"I think this is just a great bipartisan appointment. I think it's just super for Governor Huntsman, as well," he said. "This is a pretty significant appointment in the world of ambassadorships. This is pretty much the top of the list in terms of importance. It's a big deal for him and it's a big deal for our state."

China has been moving aggressively to liberalize its trade policies, opening its doors to other nations. It is one of the United States' most important trading partners. In 2007, the U.S. exported more than $65 billion to China, more than three times the amount as when China joined the World Trade Organization in 2001. The United States imported more than $321.5 billion from China in that period, creating a trade deficit of about a quarter of a trillion dollars.

Mike Lee, who was Huntsman's general counsel during part of his first term, said the governor is a "brilliant choice" for the job.

"He is the quintessential ambassador. Everything about him bespeaks diplomacy," he said. "He understands the importance of building relationships and he understands all the protocol issues and knows the language and the culture. ... He's got diplomacy in his DNA."

Utah Democratic Party Chairman Wayne Holland, who was in Washington for party meetings, had not heard about the appointment, but he was not surprised. He said when he was on the same flight to Obama's inaugural the governor told Holland that he had had three serious conversations with the administration about a role in the administration.

During his tenure, Huntsman broke with the Republican orthodoxy, championing issues such as curbing climate change and he recently endorsed civil unions for same-sex couples.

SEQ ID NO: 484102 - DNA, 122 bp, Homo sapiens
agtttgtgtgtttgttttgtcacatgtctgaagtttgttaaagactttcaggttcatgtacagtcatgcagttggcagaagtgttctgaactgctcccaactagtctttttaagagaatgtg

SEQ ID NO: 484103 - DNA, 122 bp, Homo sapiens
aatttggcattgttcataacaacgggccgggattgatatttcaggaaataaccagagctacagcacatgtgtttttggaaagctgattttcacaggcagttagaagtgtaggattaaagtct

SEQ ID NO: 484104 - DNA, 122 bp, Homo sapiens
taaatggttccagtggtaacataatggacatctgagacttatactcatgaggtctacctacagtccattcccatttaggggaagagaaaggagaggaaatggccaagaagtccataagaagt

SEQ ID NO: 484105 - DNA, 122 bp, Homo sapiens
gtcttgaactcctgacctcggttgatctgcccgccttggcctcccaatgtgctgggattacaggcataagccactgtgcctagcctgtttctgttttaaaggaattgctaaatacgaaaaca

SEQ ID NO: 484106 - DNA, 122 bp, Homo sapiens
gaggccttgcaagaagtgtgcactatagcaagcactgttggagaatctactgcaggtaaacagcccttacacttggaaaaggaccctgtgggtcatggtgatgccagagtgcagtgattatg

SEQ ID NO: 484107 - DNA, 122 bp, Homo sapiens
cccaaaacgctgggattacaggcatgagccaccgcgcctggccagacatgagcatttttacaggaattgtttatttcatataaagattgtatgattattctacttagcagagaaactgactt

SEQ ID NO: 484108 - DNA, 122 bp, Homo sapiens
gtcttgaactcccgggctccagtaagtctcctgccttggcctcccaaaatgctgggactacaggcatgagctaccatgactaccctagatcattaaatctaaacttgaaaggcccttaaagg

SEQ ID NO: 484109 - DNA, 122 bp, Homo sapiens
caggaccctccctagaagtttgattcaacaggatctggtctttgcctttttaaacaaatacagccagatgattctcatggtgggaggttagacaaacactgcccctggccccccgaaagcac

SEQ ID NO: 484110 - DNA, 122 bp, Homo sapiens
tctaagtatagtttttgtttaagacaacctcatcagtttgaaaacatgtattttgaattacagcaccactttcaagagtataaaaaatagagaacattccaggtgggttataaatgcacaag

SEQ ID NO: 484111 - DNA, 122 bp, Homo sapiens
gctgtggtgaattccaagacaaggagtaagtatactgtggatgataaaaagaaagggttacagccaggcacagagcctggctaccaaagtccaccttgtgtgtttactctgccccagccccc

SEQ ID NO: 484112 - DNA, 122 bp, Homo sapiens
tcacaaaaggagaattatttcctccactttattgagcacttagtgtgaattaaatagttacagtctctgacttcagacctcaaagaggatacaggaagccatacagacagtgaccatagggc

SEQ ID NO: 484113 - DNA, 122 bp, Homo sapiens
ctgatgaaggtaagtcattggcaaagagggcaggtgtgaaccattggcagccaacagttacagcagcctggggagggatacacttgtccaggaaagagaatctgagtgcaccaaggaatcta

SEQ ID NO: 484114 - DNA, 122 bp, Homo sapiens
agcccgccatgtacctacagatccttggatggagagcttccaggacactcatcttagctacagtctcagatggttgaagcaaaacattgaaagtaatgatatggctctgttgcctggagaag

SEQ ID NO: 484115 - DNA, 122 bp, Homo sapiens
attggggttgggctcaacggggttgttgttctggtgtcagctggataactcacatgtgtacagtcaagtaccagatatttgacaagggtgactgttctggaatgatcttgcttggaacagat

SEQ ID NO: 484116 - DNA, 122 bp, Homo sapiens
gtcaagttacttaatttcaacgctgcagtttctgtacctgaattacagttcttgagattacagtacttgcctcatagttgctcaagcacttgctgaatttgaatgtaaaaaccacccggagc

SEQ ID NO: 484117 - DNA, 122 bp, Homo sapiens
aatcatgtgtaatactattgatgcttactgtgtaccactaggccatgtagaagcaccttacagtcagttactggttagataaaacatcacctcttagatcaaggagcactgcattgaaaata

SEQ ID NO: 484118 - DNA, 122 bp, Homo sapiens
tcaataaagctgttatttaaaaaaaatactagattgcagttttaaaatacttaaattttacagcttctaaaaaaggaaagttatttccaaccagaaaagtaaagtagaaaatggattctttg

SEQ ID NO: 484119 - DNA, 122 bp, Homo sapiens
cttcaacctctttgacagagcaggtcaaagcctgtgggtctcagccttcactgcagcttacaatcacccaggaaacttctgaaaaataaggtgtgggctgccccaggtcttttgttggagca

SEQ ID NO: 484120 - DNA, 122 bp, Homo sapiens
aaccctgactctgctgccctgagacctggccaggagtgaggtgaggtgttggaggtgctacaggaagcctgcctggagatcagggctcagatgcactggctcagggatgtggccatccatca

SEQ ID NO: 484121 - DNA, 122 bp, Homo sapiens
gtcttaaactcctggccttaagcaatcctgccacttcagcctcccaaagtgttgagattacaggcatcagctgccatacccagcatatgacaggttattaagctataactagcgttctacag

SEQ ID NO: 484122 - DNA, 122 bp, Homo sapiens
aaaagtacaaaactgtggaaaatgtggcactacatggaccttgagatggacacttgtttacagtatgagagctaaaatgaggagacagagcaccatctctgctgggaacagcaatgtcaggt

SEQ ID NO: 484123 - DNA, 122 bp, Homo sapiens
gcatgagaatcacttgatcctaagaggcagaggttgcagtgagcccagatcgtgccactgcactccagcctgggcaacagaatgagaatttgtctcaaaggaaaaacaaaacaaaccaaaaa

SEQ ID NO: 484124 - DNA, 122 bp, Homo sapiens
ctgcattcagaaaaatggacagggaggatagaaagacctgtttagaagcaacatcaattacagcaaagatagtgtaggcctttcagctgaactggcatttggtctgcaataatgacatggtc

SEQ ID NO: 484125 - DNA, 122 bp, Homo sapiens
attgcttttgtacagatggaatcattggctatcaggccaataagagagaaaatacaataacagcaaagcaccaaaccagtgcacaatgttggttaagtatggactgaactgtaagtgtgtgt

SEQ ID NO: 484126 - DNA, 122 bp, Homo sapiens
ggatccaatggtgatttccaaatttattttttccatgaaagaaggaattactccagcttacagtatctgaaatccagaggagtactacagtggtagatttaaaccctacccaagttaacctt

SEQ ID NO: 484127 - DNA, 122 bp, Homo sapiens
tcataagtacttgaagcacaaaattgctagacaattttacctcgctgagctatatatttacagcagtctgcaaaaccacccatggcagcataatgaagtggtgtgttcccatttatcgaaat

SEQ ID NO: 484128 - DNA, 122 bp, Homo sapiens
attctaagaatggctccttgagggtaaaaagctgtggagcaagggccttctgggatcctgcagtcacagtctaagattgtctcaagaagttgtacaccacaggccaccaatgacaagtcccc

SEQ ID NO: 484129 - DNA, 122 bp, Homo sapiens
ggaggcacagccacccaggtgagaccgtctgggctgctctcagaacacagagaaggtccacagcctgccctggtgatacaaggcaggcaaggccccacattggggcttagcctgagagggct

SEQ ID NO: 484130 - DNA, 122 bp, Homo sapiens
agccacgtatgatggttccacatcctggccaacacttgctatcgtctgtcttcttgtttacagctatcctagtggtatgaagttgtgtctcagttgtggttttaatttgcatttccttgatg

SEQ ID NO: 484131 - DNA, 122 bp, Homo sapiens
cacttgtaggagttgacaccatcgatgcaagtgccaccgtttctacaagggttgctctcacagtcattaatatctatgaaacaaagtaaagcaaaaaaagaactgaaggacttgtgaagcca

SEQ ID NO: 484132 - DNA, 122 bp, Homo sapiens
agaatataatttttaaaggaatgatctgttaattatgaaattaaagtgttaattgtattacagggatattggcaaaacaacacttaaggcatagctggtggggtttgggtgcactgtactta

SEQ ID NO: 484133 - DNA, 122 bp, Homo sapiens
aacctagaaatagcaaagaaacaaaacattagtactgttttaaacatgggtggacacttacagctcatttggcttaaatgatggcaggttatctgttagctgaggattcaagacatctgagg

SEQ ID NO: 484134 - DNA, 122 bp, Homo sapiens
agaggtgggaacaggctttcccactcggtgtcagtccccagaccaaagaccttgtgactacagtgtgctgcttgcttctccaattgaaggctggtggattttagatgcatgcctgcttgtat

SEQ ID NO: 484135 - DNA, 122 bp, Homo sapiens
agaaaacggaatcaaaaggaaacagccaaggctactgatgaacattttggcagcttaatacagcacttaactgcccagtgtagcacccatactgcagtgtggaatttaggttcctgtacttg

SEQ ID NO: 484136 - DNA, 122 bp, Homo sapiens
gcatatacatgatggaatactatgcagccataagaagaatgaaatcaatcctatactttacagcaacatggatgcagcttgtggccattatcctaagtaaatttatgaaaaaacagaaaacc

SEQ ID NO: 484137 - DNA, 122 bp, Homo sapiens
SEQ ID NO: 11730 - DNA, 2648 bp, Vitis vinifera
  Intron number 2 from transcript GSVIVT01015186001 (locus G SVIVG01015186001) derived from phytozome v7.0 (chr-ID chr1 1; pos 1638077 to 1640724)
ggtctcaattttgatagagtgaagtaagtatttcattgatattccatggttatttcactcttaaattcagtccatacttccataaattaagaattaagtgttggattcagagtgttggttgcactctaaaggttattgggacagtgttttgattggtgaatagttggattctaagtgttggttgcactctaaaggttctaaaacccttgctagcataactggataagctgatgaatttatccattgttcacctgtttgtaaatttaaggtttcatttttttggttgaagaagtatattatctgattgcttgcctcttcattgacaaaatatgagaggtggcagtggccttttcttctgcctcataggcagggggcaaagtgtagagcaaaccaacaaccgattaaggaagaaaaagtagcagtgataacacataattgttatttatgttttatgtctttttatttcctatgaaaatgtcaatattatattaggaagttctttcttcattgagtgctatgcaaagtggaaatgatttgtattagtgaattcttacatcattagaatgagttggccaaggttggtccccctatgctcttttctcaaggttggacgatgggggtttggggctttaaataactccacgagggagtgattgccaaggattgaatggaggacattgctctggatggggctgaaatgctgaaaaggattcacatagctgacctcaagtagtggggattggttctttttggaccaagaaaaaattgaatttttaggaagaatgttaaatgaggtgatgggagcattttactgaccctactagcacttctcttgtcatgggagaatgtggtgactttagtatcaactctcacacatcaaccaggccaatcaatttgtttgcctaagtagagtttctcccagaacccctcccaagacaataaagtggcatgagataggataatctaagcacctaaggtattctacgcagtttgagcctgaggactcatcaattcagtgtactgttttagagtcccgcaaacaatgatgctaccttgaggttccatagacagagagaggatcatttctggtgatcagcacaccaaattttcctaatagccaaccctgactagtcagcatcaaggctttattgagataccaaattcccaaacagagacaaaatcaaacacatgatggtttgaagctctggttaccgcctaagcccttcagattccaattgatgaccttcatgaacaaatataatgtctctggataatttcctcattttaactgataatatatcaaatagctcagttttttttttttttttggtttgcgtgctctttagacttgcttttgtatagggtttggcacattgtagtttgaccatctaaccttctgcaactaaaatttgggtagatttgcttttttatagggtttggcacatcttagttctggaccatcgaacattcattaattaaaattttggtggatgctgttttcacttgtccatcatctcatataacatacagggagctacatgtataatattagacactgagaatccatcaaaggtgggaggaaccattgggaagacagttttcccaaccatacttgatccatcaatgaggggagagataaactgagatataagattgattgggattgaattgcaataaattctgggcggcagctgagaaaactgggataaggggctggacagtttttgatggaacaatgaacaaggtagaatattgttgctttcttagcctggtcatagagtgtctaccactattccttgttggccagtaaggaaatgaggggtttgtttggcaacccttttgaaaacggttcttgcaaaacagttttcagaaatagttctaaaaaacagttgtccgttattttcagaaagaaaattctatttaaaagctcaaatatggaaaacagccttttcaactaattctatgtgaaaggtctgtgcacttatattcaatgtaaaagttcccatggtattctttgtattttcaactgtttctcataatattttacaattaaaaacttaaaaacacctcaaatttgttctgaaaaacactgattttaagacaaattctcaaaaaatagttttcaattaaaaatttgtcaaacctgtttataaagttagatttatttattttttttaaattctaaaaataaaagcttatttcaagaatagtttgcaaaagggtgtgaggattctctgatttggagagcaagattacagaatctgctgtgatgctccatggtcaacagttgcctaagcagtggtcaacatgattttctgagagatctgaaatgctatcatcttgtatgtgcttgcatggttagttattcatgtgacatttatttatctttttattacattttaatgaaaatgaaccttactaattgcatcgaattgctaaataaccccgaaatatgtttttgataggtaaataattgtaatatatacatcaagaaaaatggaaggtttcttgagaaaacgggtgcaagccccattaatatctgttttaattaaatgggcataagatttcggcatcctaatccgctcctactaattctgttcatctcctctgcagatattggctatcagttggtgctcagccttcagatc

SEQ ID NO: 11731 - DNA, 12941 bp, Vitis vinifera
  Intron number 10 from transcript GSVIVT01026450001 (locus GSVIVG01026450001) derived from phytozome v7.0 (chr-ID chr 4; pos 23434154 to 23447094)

"I think the governor was instrumental" in helping Utah embrace alternative energy, said Sara Wright with Utah Clean Energy. "I think he saw where the industry was headed and saw that Utah had to seize the opportunity that the clean energy economy presents for the state."

In his first term, he signed into law a major tax reform and achieved a partial repeal of the state sales tax on food, saying a full repeal was one of his top priorities in his second term. He recently pushed through sweeping reform to Utah's arcane alcohol laws, aimed at making the state more tourist-friendly.

Rep. John Dougall, R-American Fork, said the governor's relationship with the Legislature changed during his tenure in office.

"He ran on quite a few conservative principles in the first election but that seemed to have changed over time and I know some positions of late have caused consternation in the minds of many Utahns," he said.

About Jon Huntsman Jr.

Age: 49

Family: Wife, Mary Kaye, and seven children, including two adopted daughters, from China and India.

Profession: Huntsman Chemical companies; first president of Huntsman Cancer Foundation.

Education: Attended Highland High and University of Utah; bachelor's degree in international politics from the University of Pennsylvania.

Political history: Elected in 2008 by a record margin to a second term as governor; chairman of the Western Governors Association; deputy U.S. trade representative under President George W. Bush; ambassador to Singapore under President George H. W. Bush (at the time the youngest ambassador in more than a century); worked on campaigns of President Reagan, Bob Dole and George W. Bush and backed John McCain in 2008; legislative intern for Sen. Orrin Hatch.

Hobbies: Mountain biking, playing piano, reading.

Other tidbits: Went on LDS mission to Taiwan; speaks Mandarin Chinese; hates air conditioning -- family has to sneak it on at night.